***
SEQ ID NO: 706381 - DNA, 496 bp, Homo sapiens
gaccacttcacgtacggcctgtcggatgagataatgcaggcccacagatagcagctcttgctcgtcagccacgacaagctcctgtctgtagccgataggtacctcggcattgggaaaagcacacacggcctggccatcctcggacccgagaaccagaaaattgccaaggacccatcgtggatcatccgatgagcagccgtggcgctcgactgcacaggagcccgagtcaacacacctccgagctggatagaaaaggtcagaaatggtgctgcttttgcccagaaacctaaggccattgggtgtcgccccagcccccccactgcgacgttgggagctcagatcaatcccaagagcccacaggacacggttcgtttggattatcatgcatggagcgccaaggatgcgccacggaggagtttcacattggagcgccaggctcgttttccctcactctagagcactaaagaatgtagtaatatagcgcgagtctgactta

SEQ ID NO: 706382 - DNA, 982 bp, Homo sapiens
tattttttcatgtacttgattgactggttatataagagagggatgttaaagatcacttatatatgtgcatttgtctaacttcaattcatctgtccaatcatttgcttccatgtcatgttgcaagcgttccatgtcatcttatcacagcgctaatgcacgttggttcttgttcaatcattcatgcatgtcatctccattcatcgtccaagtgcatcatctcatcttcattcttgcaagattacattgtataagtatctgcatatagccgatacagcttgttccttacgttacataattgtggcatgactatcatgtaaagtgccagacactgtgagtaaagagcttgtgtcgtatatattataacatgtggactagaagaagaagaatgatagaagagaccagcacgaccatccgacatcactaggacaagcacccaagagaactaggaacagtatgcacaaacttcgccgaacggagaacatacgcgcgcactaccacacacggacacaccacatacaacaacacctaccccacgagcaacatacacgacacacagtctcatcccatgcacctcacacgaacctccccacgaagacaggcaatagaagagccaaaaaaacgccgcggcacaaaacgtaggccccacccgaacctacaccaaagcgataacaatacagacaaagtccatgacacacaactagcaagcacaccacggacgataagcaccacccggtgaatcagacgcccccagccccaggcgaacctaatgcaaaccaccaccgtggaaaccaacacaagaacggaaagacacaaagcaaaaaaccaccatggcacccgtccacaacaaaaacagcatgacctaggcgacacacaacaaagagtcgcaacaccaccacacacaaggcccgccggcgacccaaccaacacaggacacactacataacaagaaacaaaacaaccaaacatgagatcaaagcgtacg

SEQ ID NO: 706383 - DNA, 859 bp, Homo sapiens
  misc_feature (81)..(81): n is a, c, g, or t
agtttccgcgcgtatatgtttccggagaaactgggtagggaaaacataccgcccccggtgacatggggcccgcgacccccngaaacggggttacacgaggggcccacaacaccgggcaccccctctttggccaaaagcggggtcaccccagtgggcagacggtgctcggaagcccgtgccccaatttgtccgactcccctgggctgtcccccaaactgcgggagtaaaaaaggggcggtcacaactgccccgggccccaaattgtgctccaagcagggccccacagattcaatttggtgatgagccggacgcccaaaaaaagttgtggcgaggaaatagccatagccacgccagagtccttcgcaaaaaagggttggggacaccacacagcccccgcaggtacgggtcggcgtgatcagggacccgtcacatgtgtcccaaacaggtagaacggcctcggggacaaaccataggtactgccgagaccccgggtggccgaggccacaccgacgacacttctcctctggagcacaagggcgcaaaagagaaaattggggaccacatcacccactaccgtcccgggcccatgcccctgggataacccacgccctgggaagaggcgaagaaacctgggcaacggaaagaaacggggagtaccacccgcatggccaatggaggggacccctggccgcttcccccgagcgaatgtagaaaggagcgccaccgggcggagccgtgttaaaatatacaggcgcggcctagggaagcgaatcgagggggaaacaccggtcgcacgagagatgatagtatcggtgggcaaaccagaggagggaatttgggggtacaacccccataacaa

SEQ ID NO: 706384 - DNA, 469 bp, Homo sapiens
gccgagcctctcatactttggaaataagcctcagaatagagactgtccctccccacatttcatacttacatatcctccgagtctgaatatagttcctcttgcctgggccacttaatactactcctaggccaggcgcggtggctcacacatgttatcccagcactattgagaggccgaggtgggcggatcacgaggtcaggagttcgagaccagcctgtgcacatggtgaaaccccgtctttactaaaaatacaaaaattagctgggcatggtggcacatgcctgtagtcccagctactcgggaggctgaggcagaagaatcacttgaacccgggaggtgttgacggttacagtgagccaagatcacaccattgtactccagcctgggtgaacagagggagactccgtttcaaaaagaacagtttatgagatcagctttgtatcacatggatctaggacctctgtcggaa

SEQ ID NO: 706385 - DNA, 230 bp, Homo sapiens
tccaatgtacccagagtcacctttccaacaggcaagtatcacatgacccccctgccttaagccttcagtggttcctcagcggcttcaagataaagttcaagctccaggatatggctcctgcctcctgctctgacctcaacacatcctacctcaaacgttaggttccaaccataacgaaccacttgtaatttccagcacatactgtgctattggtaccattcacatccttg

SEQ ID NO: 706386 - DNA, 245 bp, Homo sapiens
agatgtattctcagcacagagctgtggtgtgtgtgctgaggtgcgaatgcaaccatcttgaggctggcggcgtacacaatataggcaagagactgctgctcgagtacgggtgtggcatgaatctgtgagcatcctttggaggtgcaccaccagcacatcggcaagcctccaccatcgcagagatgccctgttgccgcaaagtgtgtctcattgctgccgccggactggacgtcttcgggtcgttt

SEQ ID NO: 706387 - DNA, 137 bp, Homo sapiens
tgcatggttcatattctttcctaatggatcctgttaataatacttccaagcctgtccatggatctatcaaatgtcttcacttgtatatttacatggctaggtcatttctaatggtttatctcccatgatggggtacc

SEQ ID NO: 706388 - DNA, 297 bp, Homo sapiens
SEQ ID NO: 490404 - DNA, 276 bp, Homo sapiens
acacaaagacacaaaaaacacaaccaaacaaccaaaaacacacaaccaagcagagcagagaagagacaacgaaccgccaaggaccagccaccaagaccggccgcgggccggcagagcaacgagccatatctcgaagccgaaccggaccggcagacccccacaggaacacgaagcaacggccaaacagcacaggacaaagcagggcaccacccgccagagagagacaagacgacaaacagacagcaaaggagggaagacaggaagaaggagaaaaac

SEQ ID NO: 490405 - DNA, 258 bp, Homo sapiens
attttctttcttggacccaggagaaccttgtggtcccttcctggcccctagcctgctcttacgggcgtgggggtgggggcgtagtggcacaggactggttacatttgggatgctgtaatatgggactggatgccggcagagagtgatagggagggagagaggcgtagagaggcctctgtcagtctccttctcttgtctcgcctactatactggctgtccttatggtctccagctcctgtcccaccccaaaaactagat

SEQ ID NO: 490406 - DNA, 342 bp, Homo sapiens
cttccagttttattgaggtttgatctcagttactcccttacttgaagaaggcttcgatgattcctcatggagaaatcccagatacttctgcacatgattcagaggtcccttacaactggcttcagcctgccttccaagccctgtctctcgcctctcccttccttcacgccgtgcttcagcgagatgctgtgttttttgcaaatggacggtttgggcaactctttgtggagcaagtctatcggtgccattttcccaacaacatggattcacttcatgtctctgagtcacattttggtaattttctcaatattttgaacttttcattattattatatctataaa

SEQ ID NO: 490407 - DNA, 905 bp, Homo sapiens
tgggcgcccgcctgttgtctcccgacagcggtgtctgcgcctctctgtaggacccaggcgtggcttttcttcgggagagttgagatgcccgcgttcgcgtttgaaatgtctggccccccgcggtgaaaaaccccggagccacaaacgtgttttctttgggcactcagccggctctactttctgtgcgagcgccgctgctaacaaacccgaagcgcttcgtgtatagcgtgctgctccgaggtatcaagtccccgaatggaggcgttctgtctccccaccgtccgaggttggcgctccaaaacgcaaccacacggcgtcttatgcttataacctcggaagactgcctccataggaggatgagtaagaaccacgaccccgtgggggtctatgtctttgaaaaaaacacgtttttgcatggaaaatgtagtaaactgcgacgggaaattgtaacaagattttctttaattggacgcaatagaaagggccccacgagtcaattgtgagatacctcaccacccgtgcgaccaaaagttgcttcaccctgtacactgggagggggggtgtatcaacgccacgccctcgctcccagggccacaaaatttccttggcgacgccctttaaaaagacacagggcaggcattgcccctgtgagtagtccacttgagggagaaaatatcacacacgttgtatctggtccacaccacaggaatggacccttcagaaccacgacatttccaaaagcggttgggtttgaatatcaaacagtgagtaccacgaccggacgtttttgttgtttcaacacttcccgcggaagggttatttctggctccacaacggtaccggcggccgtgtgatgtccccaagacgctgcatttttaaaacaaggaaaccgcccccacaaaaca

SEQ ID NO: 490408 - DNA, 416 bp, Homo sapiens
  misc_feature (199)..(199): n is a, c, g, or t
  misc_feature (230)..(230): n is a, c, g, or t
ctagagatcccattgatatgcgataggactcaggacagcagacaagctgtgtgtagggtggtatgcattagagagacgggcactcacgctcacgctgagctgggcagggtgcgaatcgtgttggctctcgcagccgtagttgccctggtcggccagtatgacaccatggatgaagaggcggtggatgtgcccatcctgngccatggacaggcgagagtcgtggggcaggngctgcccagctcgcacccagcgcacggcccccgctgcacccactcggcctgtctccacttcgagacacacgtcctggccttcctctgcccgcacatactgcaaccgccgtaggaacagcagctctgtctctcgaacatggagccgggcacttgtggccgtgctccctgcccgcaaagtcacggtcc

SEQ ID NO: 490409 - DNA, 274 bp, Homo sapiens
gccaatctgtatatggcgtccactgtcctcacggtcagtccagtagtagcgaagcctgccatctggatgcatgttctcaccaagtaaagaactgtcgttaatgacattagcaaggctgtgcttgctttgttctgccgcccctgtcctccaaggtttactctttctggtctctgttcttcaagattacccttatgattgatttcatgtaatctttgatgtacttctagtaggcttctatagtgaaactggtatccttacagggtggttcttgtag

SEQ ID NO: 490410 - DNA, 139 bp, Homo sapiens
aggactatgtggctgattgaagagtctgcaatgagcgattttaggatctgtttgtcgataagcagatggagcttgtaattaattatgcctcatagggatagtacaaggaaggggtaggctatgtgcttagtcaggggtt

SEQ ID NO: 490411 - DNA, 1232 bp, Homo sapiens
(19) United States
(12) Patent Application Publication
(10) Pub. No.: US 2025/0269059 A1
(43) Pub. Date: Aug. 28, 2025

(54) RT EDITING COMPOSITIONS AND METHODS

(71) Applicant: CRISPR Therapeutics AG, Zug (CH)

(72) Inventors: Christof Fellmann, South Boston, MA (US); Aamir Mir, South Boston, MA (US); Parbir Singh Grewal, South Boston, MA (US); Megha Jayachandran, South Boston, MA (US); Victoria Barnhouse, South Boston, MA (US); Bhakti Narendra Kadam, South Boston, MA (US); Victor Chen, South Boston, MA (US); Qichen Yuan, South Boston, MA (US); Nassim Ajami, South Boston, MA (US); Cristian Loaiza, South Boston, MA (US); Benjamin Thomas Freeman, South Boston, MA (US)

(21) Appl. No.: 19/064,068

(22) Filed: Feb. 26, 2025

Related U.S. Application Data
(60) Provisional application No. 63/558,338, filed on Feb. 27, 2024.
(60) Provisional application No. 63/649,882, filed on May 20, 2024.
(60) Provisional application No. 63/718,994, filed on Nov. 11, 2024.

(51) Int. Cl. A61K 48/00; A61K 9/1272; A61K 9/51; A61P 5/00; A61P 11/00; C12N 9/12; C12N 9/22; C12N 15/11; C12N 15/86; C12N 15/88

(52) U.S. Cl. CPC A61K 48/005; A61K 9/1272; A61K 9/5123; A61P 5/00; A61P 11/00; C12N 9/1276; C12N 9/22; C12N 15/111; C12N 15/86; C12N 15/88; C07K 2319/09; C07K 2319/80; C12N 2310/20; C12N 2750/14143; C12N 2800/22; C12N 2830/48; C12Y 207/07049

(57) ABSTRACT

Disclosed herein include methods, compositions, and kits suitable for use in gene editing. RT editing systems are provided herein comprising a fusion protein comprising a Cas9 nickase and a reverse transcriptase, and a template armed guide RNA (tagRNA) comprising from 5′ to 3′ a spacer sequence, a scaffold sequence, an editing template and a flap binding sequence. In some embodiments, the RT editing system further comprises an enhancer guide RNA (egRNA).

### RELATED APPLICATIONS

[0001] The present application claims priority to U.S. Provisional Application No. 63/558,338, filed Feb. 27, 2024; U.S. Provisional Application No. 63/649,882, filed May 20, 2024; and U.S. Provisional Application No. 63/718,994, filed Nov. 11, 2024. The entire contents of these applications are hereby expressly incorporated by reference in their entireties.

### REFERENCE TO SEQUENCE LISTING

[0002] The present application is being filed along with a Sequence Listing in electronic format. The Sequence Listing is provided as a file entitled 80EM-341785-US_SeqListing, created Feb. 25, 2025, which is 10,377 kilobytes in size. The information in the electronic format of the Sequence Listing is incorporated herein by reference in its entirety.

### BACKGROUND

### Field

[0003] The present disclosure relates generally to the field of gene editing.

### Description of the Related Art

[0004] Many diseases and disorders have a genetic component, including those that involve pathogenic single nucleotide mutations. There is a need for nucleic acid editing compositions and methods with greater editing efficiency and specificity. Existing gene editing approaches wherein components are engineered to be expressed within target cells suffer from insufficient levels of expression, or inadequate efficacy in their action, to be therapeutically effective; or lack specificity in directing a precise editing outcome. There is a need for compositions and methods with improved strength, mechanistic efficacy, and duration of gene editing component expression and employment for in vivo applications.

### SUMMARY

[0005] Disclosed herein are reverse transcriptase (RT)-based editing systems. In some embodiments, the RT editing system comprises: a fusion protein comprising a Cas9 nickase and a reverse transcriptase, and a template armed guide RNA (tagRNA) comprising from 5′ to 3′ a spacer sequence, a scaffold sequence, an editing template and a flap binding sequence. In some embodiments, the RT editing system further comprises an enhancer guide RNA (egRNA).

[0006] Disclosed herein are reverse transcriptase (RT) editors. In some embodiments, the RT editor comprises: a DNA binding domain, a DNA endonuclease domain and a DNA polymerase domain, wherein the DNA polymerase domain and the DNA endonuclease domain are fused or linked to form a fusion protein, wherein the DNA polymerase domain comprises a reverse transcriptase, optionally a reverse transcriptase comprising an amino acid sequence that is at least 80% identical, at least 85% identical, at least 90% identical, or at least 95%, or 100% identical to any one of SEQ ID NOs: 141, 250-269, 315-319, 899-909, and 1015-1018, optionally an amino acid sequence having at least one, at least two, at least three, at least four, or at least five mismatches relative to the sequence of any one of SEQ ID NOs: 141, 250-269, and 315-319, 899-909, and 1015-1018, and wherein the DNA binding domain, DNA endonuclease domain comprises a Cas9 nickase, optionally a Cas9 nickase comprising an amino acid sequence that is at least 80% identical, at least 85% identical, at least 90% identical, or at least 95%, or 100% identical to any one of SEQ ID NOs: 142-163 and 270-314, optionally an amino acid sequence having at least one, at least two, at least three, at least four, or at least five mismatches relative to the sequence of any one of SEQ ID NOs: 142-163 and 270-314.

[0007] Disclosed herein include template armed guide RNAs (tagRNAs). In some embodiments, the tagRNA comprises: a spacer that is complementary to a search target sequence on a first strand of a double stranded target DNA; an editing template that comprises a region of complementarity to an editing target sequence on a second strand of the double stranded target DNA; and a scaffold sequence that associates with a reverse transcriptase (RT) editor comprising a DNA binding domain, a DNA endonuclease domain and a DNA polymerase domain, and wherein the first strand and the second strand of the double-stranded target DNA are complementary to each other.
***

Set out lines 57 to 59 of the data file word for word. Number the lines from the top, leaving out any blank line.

[0003] The present disclosure relates generally to the field of gene editing.

### Description of the Related Art

[0004] Many diseases and disorders have a genetic component, including those that involve pathogenic single nucleotide mutations. There is a need for nucleic acid editing compositions and methods with greater editing efficiency and specificity. Existing gene editing approaches wherein components are engineered to be expressed within target cells suffer from insufficient levels of expression, or inadequate efficacy in their action, to be therapeutically effective; or lack specificity in directing a precise editing outcome. There is a need for compositions and methods with improved strength, mechanistic efficacy, and duration of gene editing component expression and employment for in vivo applications.